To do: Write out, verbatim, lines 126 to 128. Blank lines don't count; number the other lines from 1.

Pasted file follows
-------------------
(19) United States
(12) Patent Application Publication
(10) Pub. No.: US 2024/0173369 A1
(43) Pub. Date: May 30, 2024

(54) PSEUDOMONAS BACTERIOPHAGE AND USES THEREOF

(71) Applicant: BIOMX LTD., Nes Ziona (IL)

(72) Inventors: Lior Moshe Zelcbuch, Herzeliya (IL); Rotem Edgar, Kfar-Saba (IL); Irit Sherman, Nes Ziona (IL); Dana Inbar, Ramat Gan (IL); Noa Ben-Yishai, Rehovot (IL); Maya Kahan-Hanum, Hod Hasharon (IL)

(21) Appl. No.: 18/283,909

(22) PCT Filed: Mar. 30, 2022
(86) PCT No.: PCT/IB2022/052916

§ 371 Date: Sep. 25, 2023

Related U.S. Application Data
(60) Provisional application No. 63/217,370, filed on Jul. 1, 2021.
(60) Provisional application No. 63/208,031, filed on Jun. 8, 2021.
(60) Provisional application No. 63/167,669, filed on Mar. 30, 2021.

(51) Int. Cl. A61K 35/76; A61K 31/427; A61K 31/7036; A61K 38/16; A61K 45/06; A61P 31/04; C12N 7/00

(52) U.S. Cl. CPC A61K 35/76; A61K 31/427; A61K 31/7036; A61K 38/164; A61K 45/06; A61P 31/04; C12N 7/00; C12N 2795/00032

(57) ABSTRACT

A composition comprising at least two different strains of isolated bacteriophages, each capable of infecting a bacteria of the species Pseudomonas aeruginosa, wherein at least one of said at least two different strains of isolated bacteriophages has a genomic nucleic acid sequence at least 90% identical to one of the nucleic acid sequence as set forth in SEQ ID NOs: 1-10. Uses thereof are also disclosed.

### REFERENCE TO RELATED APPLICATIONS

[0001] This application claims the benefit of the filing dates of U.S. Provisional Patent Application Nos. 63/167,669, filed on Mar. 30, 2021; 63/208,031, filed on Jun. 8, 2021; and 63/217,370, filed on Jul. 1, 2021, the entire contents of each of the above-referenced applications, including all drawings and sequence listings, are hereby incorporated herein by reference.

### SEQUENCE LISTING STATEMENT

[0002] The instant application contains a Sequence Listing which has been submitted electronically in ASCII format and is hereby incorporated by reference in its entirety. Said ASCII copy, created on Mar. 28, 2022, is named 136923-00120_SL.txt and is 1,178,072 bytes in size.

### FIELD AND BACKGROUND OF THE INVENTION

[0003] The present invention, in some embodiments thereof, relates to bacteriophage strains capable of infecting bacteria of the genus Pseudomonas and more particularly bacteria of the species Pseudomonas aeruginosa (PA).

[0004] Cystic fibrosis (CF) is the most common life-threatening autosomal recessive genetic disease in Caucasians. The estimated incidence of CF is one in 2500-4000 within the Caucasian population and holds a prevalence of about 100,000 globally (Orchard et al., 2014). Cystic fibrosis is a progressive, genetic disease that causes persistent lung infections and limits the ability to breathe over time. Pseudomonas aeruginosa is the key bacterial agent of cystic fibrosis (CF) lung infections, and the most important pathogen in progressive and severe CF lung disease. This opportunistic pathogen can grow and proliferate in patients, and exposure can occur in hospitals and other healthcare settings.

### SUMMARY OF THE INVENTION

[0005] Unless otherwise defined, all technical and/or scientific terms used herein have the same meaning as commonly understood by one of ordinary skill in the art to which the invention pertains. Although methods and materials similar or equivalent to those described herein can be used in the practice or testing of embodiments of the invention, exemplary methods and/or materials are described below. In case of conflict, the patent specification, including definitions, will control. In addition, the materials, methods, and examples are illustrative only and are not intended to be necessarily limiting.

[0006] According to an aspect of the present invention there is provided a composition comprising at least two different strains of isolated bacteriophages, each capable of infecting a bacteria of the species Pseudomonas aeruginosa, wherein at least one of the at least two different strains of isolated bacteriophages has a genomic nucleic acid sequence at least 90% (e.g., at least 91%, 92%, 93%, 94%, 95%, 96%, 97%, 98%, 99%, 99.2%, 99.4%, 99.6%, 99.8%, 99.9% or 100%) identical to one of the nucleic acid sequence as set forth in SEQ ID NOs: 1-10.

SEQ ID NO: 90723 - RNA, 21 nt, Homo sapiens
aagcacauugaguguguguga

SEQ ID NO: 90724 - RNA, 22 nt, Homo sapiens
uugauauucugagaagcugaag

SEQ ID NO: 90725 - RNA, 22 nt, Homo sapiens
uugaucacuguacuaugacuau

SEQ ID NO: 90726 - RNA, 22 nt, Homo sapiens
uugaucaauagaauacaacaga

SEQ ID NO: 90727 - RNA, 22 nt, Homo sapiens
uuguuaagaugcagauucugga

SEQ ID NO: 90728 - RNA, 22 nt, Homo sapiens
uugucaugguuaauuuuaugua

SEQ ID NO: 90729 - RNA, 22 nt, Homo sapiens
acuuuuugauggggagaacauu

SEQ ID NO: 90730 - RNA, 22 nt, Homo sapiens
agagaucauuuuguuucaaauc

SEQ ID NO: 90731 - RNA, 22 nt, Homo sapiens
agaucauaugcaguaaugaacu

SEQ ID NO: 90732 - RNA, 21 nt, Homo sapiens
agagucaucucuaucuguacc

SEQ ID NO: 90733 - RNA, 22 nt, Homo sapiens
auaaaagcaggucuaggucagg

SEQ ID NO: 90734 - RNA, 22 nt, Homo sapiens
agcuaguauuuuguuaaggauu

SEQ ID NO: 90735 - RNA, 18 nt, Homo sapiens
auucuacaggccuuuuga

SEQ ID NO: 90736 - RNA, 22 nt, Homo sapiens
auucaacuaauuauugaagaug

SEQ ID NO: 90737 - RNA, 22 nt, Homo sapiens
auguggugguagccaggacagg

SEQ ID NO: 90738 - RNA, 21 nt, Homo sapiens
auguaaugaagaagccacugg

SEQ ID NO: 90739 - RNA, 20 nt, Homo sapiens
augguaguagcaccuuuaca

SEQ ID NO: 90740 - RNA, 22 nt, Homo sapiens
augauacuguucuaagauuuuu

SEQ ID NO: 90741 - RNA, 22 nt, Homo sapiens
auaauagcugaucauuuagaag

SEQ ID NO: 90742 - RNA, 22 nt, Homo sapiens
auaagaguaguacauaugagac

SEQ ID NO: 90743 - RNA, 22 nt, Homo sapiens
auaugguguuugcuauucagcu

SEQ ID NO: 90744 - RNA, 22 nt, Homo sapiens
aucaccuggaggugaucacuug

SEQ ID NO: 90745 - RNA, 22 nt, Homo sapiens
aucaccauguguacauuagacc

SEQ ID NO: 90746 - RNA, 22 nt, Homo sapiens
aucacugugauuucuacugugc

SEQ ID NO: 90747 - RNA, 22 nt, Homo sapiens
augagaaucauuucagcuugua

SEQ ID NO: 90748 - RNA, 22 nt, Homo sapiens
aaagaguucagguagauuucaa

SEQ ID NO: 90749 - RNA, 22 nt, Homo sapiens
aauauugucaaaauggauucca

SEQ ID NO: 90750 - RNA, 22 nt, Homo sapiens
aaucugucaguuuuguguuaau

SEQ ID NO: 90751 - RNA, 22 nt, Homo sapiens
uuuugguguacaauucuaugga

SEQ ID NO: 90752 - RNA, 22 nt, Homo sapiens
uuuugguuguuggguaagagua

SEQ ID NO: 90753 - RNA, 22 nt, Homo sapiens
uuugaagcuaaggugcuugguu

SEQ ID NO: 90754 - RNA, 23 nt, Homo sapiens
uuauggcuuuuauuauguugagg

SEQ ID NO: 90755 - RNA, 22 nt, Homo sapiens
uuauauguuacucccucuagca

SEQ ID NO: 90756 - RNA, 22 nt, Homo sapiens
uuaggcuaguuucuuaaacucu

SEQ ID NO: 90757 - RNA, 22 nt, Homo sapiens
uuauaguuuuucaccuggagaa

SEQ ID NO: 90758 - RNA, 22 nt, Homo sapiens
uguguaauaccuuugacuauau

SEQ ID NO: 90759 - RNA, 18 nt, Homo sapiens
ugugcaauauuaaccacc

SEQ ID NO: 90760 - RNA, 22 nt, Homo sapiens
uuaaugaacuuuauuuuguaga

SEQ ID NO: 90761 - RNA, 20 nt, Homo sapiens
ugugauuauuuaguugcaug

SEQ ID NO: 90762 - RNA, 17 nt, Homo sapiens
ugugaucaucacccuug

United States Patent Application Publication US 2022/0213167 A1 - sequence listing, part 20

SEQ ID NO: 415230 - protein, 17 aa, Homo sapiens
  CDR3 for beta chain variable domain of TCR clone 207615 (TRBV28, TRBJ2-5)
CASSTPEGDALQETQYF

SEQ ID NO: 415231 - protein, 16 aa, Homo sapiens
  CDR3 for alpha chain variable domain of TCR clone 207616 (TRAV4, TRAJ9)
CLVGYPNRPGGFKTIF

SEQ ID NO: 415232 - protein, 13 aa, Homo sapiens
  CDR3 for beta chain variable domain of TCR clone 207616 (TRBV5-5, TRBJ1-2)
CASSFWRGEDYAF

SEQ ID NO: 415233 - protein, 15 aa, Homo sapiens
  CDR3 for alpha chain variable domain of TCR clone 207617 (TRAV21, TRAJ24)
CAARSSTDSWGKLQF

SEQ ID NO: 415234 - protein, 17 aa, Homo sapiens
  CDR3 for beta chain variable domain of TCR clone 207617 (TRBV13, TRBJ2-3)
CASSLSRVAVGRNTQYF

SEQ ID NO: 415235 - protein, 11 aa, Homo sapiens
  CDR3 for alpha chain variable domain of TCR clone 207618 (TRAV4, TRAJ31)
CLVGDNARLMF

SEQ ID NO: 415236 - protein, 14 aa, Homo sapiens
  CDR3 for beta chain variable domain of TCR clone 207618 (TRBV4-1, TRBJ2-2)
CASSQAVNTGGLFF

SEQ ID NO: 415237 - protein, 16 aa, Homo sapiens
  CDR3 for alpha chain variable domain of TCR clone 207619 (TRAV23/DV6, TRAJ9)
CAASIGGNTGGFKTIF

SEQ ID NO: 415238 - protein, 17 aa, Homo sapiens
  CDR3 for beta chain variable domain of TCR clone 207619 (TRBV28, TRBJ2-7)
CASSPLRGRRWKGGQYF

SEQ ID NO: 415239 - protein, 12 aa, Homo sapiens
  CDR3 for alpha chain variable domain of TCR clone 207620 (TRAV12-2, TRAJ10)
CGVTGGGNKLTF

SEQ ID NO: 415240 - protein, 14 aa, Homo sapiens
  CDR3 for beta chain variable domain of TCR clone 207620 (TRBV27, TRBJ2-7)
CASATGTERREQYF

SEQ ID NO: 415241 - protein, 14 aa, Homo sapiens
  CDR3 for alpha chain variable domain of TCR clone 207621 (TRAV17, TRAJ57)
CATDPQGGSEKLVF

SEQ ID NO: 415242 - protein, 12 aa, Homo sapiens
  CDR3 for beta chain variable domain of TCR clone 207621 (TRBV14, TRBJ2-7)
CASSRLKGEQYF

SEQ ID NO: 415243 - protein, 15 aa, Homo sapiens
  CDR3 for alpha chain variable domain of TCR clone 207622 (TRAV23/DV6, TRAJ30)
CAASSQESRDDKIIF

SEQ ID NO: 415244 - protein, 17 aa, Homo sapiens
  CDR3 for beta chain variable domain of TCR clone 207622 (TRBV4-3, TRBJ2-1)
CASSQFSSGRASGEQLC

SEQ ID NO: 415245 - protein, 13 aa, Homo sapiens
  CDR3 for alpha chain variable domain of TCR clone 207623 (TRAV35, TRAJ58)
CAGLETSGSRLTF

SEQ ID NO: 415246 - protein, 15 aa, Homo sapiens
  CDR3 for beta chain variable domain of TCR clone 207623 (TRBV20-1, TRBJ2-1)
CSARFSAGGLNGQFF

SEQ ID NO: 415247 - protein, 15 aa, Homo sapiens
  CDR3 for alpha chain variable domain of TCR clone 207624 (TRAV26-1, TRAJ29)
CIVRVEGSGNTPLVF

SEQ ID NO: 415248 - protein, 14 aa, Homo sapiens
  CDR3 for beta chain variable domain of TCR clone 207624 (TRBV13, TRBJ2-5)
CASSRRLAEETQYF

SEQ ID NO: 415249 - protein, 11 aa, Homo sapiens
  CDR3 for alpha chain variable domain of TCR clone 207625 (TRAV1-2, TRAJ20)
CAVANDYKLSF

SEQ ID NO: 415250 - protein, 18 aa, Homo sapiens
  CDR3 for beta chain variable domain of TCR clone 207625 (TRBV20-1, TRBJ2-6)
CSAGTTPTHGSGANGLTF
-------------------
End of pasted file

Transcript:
SEQ ID NO: 415235 - protein, 11 aa, Homo sapiens
  CDR3 for alpha chain variable domain of TCR clone 207618 (TRAV4, TRAJ31)
CLVGDNARLMF